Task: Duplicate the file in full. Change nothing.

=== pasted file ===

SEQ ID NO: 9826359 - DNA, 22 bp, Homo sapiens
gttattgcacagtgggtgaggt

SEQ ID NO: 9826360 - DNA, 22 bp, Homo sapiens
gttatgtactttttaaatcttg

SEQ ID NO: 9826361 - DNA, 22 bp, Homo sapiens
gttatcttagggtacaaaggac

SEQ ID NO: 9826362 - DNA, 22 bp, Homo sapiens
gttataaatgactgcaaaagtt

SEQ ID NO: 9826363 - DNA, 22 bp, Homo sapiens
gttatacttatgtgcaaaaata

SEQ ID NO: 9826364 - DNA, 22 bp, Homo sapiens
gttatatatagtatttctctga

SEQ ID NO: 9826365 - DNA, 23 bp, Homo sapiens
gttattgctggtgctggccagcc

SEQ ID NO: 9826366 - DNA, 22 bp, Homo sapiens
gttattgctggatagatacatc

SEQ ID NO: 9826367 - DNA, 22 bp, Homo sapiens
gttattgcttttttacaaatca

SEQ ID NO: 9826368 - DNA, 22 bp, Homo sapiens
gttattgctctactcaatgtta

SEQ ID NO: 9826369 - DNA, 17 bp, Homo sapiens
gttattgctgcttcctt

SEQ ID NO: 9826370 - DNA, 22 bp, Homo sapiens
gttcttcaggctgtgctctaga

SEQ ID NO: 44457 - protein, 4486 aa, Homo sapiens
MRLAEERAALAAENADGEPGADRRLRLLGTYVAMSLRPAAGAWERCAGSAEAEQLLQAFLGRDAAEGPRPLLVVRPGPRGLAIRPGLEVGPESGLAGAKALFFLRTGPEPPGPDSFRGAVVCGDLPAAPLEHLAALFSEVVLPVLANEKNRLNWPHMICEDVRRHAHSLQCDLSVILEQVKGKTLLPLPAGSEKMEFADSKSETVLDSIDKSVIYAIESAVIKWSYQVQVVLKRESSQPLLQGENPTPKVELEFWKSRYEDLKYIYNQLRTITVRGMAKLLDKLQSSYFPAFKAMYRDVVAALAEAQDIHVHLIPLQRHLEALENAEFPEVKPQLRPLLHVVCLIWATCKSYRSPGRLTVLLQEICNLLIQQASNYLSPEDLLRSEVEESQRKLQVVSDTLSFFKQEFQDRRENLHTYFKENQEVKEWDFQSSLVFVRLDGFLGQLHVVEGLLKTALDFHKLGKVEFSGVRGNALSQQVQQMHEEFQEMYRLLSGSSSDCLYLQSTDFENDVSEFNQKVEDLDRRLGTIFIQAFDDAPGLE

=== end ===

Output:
SEQ ID NO: 9826359 - DNA, 22 bp, Homo sapiens
gttattgcacagtgggtgaggt

SEQ ID NO: 9826360 - DNA, 22 bp, Homo sapiens
gttatgtactttttaaatcttg

SEQ ID NO: 9826361 - DNA, 22 bp, Homo sapiens
gttatcttagggtacaaaggac

SEQ ID NO: 9826362 - DNA, 22 bp, Homo sapiens
gttataaatgactgcaaaagtt

SEQ ID NO: 9826363 - DNA, 22 bp, Homo sapiens
gttatacttatgtgcaaaaata

SEQ ID NO: 9826364 - DNA, 22 bp, Homo sapiens
gttatatatagtatttctctga

SEQ ID NO: 9826365 - DNA, 23 bp, Homo sapiens
gttattgctggtgctggccagcc

SEQ ID NO: 9826366 - DNA, 22 bp, Homo sapiens
gttattgctggatagatacatc

SEQ ID NO: 9826367 - DNA, 22 bp, Homo sapiens
gttattgcttttttacaaatca

SEQ ID NO: 9826368 - DNA, 22 bp, Homo sapiens
gttattgctctactcaatgtta

SEQ ID NO: 9826369 - DNA, 17 bp, Homo sapiens
gttattgctgcttcctt

SEQ ID NO: 9826370 - DNA, 22 bp, Homo sapiens
gttcttcaggctgtgctctaga

SEQ ID NO: 44457 - protein, 4486 aa, Homo sapiens
MRLAEERAALAAENADGEPGADRRLRLLGTYVAMSLRPAAGAWERCAGSAEAEQLLQAFLGRDAAEGPRPLLVVRPGPRGLAIRPGLEVGPESGLAGAKALFFLRTGPEPPGPDSFRGAVVCGDLPAAPLEHLAALFSEVVLPVLANEKNRLNWPHMICEDVRRHAHSLQCDLSVILEQVKGKTLLPLPAGSEKMEFADSKSETVLDSIDKSVIYAIESAVIKWSYQVQVVLKRESSQPLLQGENPTPKVELEFWKSRYEDLKYIYNQLRTITVRGMAKLLDKLQSSYFPAFKAMYRDVVAALAEAQDIHVHLIPLQRHLEALENAEFPEVKPQLRPLLHVVCLIWATCKSYRSPGRLTVLLQEICNLLIQQASNYLSPEDLLRSEVEESQRKLQVVSDTLSFFKQEFQDRRENLHTYFKENQEVKEWDFQSSLVFVRLDGFLGQLHVVEGLLKTALDFHKLGKVEFSGVRGNALSQQVQQMHEEFQEMYRLLSGSSSDCLYLQSTDFENDVSEFNQKVEDLDRRLGTIFIQAFDDAPGLE